I am Not a Voyeur: Michael Katakis and His Photographic Approach

Michael Katakis
BY Ralph Elliott Starkweather

A versatile voyager over the past three decades, Michael Katakis is keen in portraying images that speak with a strong social integrity. His photographic art also reflects his travels across different continents and wide-ranging cultural interests. To date, venues that have exhibited or acquired his work include the Smithsonian Institution, the British Library, the Victoria and Albert Museum, the National Army Museum in London, Stanford University, the Wright Museum of Art, the Monterey Museum of Art, the Center for Photographic Art, and the National Portrait Gallery, among many others.

Katakis has also authored photography books such as The Vietnam Veterans Memorial (Crown, 1988), Evacuating Voices: Listening to Photographs of Native Americans (University of Pennsylvania Museum of Archaelogy and Anthropology, 1998), and most recently, Traveller (Burton & Parks, 2008) among several others. In 1999, he was elected a Fellow of the Royal Geographical Society in London. Currently, he lives in Carmel, California with his wife, the anthropologist Kris Hardin, while continuing to visit France, which he regards as his second home. His website is www.mkatakis.org.

Having been a photographer for more than thirty years, do you have a credo for your art?

As a photographer, I always feel responsible for creating images that people can invest in. A beautiful photograph is not enough. Sometimes, it can even risk being frivolous, or trivial. A good photograph must be a declarative statement. It needs to bear out the “major part of the story” right on the spot. But that does not mean that photography cannot endure beyond an instant. Quite the contrary, it is an ethereal art that must last.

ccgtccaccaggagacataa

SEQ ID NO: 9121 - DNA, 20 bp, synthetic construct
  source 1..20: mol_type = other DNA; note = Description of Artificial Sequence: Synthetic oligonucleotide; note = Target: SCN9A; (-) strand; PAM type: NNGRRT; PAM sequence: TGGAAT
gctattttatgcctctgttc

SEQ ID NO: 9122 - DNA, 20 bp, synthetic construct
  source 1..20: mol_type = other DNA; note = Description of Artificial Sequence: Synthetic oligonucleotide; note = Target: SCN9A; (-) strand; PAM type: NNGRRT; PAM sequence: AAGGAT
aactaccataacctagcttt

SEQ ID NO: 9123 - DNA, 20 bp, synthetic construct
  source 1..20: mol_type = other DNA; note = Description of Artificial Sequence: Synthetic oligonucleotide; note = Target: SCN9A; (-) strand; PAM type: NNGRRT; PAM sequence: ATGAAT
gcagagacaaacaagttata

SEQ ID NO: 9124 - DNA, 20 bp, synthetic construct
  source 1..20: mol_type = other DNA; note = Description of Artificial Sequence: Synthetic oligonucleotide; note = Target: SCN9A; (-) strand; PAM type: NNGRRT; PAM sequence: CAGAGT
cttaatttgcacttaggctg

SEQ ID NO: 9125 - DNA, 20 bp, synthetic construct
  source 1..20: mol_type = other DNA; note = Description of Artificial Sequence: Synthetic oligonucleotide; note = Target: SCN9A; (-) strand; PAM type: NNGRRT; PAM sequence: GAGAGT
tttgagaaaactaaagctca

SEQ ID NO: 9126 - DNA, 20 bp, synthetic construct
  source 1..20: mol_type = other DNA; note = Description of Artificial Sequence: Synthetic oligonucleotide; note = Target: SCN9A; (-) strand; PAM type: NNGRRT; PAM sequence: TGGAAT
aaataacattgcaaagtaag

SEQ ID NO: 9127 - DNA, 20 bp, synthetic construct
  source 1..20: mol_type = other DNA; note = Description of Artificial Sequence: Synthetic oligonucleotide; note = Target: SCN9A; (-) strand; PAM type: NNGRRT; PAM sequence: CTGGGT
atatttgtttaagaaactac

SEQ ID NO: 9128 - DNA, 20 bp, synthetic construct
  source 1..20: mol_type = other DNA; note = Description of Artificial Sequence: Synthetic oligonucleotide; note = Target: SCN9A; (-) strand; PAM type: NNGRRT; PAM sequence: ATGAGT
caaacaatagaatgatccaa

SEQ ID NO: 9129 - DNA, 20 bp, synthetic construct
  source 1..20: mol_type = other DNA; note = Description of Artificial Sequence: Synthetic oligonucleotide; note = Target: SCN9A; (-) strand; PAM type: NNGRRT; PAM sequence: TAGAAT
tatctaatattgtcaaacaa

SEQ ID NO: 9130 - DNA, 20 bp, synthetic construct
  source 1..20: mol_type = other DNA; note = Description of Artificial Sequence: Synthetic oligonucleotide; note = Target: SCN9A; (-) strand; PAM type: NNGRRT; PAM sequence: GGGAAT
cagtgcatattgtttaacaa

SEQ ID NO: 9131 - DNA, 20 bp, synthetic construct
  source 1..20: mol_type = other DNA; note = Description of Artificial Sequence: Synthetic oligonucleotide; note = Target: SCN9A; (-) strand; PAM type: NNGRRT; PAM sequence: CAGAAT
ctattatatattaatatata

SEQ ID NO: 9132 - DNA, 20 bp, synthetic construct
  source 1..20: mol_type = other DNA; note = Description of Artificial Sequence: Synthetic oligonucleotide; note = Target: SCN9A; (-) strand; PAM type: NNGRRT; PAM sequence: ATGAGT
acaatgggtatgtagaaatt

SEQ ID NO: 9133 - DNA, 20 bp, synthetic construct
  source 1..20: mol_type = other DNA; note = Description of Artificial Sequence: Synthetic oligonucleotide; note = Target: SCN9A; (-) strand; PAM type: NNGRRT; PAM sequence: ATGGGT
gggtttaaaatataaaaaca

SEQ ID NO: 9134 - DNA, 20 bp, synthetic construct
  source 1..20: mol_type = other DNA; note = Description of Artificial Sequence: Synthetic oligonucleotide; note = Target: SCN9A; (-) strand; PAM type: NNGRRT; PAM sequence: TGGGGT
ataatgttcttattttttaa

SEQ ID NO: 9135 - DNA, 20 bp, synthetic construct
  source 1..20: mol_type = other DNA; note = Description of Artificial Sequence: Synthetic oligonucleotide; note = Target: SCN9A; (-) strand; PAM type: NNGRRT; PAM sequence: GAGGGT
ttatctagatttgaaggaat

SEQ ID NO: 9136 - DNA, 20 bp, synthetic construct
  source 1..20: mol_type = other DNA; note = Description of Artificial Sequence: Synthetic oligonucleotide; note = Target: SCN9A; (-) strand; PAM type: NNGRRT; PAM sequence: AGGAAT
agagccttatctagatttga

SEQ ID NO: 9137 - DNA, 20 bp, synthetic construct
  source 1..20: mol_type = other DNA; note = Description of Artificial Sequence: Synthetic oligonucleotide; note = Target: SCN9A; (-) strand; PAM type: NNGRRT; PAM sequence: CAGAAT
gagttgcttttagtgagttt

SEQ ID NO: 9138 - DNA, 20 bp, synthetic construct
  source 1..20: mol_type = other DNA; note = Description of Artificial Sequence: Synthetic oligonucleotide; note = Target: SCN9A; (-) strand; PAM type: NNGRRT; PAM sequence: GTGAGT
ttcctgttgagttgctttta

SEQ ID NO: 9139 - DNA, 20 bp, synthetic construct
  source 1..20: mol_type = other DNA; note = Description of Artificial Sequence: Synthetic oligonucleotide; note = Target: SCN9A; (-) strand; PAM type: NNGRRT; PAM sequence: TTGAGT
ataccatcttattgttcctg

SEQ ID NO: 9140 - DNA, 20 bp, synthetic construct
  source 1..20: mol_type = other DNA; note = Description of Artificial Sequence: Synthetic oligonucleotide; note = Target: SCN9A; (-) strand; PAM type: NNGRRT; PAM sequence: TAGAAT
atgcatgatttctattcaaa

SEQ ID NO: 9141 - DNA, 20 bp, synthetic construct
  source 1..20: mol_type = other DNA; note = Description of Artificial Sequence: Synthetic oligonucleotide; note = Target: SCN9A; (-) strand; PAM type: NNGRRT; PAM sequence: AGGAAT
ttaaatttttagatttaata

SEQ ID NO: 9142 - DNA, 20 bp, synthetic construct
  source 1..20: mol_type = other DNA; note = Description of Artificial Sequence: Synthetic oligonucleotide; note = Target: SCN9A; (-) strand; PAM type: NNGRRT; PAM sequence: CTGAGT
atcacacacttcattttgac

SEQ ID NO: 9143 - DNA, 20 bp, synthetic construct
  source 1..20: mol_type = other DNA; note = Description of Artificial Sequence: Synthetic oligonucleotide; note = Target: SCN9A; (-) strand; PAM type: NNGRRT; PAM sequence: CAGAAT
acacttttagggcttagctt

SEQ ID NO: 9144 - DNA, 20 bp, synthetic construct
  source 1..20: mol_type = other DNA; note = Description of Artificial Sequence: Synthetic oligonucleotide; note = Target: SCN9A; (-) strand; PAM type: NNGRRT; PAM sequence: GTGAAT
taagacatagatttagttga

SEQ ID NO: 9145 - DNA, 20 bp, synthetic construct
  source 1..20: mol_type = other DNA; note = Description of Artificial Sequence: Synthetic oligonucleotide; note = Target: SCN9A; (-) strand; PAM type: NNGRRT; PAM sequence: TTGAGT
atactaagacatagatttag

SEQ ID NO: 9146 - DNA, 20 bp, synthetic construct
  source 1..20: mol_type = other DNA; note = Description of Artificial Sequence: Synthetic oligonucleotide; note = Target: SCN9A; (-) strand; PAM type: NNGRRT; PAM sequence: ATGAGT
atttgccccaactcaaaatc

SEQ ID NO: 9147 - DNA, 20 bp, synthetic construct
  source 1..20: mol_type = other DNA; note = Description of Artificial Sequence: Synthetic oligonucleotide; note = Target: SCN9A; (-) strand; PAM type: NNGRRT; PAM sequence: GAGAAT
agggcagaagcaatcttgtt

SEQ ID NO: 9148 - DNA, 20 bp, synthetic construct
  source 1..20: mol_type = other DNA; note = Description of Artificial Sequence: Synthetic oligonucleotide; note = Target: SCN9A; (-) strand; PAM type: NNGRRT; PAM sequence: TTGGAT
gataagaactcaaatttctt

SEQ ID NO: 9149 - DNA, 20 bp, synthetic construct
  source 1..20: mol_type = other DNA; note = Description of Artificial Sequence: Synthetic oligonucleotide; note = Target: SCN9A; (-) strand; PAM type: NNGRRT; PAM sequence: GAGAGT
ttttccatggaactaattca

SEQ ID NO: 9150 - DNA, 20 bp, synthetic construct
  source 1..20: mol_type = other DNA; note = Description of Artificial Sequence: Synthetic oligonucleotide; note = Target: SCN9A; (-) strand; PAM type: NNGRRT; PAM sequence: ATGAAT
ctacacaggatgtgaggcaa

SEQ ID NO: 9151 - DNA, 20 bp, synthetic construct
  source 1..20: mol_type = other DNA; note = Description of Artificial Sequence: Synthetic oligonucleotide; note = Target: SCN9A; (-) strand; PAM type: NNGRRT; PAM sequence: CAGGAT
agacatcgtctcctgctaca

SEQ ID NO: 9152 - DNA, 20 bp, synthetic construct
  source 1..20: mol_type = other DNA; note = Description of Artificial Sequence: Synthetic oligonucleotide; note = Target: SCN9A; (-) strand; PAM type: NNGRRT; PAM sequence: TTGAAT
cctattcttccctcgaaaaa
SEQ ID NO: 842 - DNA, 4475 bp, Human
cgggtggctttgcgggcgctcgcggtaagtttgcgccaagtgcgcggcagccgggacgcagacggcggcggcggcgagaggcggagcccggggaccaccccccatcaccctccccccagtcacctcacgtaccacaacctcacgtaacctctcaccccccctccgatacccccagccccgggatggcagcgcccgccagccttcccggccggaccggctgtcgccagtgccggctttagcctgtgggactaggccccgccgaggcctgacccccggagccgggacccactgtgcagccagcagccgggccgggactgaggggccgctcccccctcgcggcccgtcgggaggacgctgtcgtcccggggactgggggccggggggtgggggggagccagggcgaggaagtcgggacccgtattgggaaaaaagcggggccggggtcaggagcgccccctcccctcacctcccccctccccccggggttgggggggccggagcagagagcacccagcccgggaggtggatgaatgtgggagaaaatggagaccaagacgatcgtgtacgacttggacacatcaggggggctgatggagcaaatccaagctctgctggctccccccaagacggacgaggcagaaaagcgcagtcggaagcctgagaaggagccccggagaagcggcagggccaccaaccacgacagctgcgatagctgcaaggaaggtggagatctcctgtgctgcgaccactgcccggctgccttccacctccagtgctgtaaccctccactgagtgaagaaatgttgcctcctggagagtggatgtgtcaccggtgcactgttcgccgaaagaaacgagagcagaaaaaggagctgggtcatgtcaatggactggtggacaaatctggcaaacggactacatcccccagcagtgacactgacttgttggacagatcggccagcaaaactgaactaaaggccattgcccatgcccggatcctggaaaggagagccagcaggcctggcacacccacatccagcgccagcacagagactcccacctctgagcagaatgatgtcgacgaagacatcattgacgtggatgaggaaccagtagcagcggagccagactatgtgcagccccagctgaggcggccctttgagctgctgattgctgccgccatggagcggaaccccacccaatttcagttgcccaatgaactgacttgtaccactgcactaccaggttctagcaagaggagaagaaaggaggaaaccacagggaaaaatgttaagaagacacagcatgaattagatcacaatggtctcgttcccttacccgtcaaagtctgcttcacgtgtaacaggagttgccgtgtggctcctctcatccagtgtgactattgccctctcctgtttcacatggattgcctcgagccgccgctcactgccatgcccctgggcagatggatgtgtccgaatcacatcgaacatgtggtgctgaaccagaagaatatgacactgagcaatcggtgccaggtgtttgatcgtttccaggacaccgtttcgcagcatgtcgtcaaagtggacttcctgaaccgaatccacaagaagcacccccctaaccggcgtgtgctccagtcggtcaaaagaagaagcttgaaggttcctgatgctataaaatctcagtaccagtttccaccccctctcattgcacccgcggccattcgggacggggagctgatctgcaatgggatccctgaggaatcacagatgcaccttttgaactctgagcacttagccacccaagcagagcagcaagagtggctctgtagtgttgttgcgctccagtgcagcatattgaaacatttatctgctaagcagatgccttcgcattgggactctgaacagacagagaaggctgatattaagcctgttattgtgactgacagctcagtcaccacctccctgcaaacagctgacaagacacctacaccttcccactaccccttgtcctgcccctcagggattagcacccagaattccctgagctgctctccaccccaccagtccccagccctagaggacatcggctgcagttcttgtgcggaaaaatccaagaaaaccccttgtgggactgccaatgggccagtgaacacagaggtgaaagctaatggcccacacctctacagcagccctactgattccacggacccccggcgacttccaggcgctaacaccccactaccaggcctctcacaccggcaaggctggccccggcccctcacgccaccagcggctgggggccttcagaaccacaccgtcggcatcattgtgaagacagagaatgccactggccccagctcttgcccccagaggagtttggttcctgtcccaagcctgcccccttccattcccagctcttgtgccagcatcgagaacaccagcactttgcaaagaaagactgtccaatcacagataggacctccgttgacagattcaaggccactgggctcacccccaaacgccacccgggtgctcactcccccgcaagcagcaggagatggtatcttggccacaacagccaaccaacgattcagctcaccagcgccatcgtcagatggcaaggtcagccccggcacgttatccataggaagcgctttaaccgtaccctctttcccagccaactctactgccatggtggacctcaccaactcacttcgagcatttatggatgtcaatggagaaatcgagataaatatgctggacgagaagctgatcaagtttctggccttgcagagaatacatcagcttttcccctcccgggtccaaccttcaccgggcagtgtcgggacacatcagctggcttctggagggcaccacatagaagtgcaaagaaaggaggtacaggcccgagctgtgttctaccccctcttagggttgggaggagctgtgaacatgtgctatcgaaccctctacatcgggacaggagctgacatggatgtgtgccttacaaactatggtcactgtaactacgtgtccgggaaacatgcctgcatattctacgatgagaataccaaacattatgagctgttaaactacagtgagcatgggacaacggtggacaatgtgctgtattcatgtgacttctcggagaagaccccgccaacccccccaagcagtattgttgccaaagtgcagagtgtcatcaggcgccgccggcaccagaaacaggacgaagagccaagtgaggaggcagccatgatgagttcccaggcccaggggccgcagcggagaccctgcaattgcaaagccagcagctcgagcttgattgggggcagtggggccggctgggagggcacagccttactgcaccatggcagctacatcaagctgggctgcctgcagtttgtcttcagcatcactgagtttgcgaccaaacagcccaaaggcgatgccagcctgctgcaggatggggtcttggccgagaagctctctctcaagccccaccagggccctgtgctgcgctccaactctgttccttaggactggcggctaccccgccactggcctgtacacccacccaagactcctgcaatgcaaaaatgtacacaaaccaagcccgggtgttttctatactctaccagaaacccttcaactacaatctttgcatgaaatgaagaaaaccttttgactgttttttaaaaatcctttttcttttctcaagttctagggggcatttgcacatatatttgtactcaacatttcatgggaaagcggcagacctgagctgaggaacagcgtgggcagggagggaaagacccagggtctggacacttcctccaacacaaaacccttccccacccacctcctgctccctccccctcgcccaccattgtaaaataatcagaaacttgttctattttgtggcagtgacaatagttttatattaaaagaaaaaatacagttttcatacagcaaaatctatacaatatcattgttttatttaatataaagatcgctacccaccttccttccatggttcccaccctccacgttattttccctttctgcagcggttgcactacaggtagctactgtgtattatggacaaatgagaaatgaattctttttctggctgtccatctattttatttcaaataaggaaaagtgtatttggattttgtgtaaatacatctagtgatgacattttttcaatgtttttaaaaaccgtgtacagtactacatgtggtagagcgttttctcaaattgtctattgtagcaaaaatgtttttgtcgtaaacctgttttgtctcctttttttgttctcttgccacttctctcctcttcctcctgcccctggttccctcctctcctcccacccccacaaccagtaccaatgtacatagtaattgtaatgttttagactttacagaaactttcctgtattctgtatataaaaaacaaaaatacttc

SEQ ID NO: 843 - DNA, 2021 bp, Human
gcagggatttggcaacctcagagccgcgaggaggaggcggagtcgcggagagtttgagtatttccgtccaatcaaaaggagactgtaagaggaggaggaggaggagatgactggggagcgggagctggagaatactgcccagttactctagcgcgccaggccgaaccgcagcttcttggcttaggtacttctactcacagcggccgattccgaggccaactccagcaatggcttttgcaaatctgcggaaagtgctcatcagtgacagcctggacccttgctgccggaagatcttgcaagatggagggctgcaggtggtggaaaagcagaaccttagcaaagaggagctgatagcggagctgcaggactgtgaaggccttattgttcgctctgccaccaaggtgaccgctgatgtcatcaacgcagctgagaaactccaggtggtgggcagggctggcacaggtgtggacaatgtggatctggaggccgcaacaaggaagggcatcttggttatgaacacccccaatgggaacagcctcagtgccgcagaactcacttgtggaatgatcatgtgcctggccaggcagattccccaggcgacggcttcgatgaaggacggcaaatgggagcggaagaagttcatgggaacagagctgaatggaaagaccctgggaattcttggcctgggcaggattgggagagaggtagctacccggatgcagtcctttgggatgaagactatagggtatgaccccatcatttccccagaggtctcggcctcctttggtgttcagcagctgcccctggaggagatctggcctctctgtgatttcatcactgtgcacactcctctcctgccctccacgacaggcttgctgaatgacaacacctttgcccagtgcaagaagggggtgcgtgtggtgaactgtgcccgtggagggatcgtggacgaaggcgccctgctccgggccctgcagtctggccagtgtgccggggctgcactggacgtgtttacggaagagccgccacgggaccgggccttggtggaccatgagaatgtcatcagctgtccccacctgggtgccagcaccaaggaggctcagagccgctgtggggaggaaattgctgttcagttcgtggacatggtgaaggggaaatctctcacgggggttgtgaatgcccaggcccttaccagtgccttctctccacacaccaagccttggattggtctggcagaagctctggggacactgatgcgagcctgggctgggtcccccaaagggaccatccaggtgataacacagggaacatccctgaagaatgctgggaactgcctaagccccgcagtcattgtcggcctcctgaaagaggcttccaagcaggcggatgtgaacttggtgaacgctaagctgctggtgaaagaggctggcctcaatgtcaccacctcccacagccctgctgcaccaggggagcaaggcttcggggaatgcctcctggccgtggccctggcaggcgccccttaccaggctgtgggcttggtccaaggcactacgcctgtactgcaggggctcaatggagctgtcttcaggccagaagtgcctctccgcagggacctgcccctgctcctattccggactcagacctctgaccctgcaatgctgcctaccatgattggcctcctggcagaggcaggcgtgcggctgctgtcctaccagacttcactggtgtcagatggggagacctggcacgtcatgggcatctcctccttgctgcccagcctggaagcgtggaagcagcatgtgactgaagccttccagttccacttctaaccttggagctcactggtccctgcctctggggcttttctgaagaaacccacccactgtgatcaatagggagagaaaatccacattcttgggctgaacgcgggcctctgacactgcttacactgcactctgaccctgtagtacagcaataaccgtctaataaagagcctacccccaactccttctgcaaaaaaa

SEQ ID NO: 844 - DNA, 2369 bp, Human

How has your relationship with the camera evolved over the years?

I have been working towards caring less and less for the camera. Solid photographic artists like Henri Cartier-Bresson understand the importance of the camera being invisible to himself. It is very easy, actually, to have the camera invisible to others, but not to the camera man himself. It is like a pianist, constantly working to render the piano invisible to himself. Although a camera is small, many who hold it are very conscious of it. Some even end up constructing impressions of themselves with it. The truth is, you don’t need to look like a photographer in order to be a photographer! Defining photography is very different from defining camera.

Being invisible is crucial to taking the most subtle photographs. When I was in India, my camera never came out until one month later. I think being invisible is one way a photographer shows respect for others and his environment.

Writing seems to be a vital component of your creative process, for you often furnish text for the photographs. Does the process of expressing yourself through words contradict the silence behind your images?

What you said is very interesting. For some reason, word and image are always one thing for me. Word and image are the same thing, that is. No difference betwen them, at least for me. The relationship between the two is such that one leads to another.

I have been writing daily for more than thirty years. I have also been traveling for more than thirty years, and I don’t feel tired. In fact, I feel tired only when I stop writing or am no longer taking good photographs! So switching gears from one medium to another is not tiring for me. I don’t want to stop traveling, either. Sometimes, I feel that I am “everywhere.” I keep a journal. Traveller begins from there: it unfolds as a series of journal entries, except without a chronological sequence. I don’t like things that match or are strictly symmetrical, and I don’t think in numbers or sequences! In a way, I also like to think of the prose snapshots in my texts as the photographs I took.


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